- Feb. 17 (7pm): Chris Hedges “The Looming Collapse of the American Empire”
- Feb. 18 (7pm) and/or 19th (5-6:30pm): Ishmael Beal “Narrative as a pathway to reconciliation.”
- Feb. 26 (11-11:50 am): Anne Garrels, Author of Naked in Baghdad.
- March: TBA – True False Film on Burma (Details to come). Possibly other True/False films as well.
- March 5: Acting on Faith (free movie)
- March 6: Tom Junod: Keeping it Personal Where does narrative journalism go from here?
- April 7 (Tentative): Bill Lobdell
- Date TBA: Jonathan Schell
- Worship services: Friday afternoon prayers at the Mosque; Saturday morning prayers at the Synagogue; A service at the Orthodox Christian Church; Attendance at a predominantly African-American Pentecostal church. Others if approved.
JOUR 4426 / 7426 Grading Rubric for Class Project Work:
Guidelines for Critiquing Advanced Reporting Stories
1. Angle or angle: Is it stated or implied near the beginning of the article? Clear? Consistently applied throughout the article?
2. Evidence of search strategy; sources: Evaluate the information base of the story—the completeness of the information, the variety of sources. Identify the number and type of sources used in the story. Assess source credibility and credentials. How effectively are sources used? Are sources—both documentary and personal (interview) ones–sufficient?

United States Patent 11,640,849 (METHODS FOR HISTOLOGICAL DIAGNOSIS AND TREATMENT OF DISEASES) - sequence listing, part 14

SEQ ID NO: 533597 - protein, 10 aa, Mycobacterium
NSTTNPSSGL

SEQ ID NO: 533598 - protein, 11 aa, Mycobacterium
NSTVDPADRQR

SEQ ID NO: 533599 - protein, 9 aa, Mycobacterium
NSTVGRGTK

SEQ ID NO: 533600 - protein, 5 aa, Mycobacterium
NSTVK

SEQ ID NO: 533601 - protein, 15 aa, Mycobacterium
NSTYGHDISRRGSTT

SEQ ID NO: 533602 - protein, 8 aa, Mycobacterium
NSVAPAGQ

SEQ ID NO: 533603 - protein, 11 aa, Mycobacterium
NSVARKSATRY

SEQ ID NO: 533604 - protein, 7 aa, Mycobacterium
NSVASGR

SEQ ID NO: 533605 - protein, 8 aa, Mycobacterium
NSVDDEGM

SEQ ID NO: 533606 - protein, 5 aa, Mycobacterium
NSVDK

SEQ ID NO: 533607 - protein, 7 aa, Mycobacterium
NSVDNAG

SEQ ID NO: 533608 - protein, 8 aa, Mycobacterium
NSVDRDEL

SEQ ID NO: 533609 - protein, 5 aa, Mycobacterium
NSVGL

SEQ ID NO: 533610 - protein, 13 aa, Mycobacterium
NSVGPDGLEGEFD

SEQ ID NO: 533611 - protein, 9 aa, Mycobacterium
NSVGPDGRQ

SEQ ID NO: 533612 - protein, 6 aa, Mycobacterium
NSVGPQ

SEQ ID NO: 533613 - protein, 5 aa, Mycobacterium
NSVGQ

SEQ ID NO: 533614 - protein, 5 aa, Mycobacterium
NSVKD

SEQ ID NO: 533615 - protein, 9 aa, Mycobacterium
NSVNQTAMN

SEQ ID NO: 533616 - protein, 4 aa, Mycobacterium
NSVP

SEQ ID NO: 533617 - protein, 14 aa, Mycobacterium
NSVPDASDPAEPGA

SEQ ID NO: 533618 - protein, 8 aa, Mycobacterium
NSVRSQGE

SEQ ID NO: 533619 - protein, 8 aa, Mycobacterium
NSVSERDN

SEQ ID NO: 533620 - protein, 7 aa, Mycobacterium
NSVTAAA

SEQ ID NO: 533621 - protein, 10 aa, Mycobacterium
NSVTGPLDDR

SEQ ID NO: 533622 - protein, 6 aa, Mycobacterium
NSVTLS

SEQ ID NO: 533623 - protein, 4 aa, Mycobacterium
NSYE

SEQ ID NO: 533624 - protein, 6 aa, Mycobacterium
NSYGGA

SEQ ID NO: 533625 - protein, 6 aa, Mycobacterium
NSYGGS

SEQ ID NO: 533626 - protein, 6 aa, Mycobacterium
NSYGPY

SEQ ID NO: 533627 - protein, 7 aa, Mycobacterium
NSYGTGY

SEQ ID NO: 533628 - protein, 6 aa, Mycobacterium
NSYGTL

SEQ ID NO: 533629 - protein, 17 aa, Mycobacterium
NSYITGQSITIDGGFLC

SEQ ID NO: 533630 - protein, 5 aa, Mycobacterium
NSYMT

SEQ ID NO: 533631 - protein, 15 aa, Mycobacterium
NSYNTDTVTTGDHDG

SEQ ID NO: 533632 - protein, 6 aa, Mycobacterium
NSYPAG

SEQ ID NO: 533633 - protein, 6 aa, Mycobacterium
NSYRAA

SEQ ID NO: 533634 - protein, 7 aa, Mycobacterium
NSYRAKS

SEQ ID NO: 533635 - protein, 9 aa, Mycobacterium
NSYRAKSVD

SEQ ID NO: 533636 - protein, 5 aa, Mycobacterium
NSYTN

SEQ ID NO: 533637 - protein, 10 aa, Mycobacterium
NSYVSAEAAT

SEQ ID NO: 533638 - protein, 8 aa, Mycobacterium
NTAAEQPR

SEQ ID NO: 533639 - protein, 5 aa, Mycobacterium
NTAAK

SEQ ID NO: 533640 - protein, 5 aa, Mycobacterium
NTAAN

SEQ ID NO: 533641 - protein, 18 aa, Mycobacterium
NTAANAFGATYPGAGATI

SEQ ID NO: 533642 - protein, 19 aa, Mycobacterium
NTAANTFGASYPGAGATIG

Remember that journalism is more than just calling up a few “talking heads.”
3. The lead and the closing: Consider strategy, style, vocabulary. Storytelling elements—characters, settings, conflict, suspense, resolution.
Is the lead a compelling way to start the article? If the lead is a summary, is it because the material demands a summary lead? Or would another type (quotation, anecdotal, narrative, direct-address, descriptive, etc.) more effectively lead the reader into the story?
How does the lead work with the rest of the story? Can you identify other good possibilities for a lead, perhaps buried in the article?
Does the ending provide a satisfying way to wrap up the story? (For instance, it might summarize the key points of the story just told and/or leave the reader with a poignant reflection. Or perhaps it refers to a metaphor introduced earlier as a way to underscore the story’s angle.) Does it avoid introducing totally new information that may leave the reader with too many questions?
4. The flow of the story: Consider transition links and devices; repetition and key words; change of pace.
Mark any spots in the story where you wanted to quit reading.
Elements of audience interest: attention-getting, focus, perspective.